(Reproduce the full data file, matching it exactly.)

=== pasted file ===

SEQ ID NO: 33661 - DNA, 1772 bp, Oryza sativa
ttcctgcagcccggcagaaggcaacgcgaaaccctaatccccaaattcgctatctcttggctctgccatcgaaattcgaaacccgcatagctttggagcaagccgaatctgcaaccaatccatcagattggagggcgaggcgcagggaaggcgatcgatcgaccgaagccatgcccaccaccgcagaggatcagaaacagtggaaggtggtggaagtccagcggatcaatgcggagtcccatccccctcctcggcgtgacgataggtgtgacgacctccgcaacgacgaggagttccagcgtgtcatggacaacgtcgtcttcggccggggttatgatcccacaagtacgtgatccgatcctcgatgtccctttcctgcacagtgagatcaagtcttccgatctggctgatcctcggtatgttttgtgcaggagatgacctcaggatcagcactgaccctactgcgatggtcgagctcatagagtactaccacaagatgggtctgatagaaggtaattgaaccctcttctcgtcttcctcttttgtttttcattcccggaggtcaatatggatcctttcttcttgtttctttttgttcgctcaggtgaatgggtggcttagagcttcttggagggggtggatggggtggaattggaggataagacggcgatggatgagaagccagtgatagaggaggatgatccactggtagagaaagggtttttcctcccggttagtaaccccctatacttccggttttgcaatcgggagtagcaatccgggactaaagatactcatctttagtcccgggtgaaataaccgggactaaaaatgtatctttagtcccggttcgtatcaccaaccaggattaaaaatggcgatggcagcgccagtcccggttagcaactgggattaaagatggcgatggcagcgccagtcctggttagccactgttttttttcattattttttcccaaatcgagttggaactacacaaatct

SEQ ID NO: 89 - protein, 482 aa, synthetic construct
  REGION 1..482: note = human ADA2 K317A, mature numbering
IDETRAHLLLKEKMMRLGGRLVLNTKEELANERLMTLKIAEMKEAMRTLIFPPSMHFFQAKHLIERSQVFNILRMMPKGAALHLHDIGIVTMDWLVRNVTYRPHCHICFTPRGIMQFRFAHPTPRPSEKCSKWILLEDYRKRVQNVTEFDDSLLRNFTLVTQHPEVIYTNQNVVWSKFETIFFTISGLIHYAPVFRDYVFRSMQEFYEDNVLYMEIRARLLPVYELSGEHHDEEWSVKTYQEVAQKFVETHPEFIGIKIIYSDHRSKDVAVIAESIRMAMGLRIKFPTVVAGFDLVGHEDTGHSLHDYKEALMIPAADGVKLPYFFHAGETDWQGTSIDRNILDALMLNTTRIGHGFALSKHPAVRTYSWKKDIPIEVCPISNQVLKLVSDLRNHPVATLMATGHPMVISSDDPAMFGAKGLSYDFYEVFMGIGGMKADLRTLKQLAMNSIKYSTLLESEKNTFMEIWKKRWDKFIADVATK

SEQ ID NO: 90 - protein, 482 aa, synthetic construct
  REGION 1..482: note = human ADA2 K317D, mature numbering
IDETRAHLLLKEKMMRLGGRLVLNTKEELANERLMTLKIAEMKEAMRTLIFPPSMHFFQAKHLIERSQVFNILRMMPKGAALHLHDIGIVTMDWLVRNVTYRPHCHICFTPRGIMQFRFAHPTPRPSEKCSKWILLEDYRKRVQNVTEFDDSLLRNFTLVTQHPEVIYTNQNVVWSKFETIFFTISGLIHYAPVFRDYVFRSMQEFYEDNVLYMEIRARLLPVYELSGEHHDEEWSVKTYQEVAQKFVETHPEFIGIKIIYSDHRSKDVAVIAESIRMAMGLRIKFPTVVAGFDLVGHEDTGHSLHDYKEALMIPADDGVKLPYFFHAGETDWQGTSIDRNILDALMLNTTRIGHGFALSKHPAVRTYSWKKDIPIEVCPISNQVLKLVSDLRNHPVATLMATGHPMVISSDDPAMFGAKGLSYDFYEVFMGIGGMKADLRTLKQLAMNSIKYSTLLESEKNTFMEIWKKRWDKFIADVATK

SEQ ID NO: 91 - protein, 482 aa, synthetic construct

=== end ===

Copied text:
SEQ ID NO: 33661 - DNA, 1772 bp, Oryza sativa
ttcctgcagcccggcagaaggcaacgcgaaaccctaatccccaaattcgctatctcttggctctgccatcgaaattcgaaacccgcatagctttggagcaagccgaatctgcaaccaatccatcagattggagggcgaggcgcagggaaggcgatcgatcgaccgaagccatgcccaccaccgcagaggatcagaaacagtggaaggtggtggaagtccagcggatcaatgcggagtcccatccccctcctcggcgtgacgataggtgtgacgacctccgcaacgacgaggagttccagcgtgtcatggacaacgtcgtcttcggccggggttatgatcccacaagtacgtgatccgatcctcgatgtccctttcctgcacagtgagatcaagtcttccgatctggctgatcctcggtatgttttgtgcaggagatgacctcaggatcagcactgaccctactgcgatggtcgagctcatagagtactaccacaagatgggtctgatagaaggtaattgaaccctcttctcgtcttcctcttttgtttttcattcccggaggtcaatatggatcctttcttcttgtttctttttgttcgctcaggtgaatgggtggcttagagcttcttggagggggtggatggggtggaattggaggataagacggcgatggatgagaagccagtgatagaggaggatgatccactggtagagaaagggtttttcctcccggttagtaaccccctatacttccggttttgcaatcgggagtagcaatccgggactaaagatactcatctttagtcccgggtgaaataaccgggactaaaaatgtatctttagtcccggttcgtatcaccaaccaggattaaaaatggcgatggcagcgccagtcccggttagcaactgggattaaagatggcgatggcagcgccagtcctggttagccactgttttttttcattattttttcccaaatcgagttggaactacacaaatct

SEQ ID NO: 89 - protein, 482 aa, synthetic construct
  REGION 1..482: note = human ADA2 K317A, mature numbering
IDETRAHLLLKEKMMRLGGRLVLNTKEELANERLMTLKIAEMKEAMRTLIFPPSMHFFQAKHLIERSQVFNILRMMPKGAALHLHDIGIVTMDWLVRNVTYRPHCHICFTPRGIMQFRFAHPTPRPSEKCSKWILLEDYRKRVQNVTEFDDSLLRNFTLVTQHPEVIYTNQNVVWSKFETIFFTISGLIHYAPVFRDYVFRSMQEFYEDNVLYMEIRARLLPVYELSGEHHDEEWSVKTYQEVAQKFVETHPEFIGIKIIYSDHRSKDVAVIAESIRMAMGLRIKFPTVVAGFDLVGHEDTGHSLHDYKEALMIPAADGVKLPYFFHAGETDWQGTSIDRNILDALMLNTTRIGHGFALSKHPAVRTYSWKKDIPIEVCPISNQVLKLVSDLRNHPVATLMATGHPMVISSDDPAMFGAKGLSYDFYEVFMGIGGMKADLRTLKQLAMNSIKYSTLLESEKNTFMEIWKKRWDKFIADVATK

SEQ ID NO: 90 - protein, 482 aa, synthetic construct
  REGION 1..482: note = human ADA2 K317D, mature numbering
IDETRAHLLLKEKMMRLGGRLVLNTKEELANERLMTLKIAEMKEAMRTLIFPPSMHFFQAKHLIERSQVFNILRMMPKGAALHLHDIGIVTMDWLVRNVTYRPHCHICFTPRGIMQFRFAHPTPRPSEKCSKWILLEDYRKRVQNVTEFDDSLLRNFTLVTQHPEVIYTNQNVVWSKFETIFFTISGLIHYAPVFRDYVFRSMQEFYEDNVLYMEIRARLLPVYELSGEHHDEEWSVKTYQEVAQKFVETHPEFIGIKIIYSDHRSKDVAVIAESIRMAMGLRIKFPTVVAGFDLVGHEDTGHSLHDYKEALMIPADDGVKLPYFFHAGETDWQGTSIDRNILDALMLNTTRIGHGFALSKHPAVRTYSWKKDIPIEVCPISNQVLKLVSDLRNHPVATLMATGHPMVISSDDPAMFGAKGLSYDFYEVFMGIGGMKADLRTLKQLAMNSIKYSTLLESEKNTFMEIWKKRWDKFIADVATK

SEQ ID NO: 91 - protein, 482 aa, synthetic construct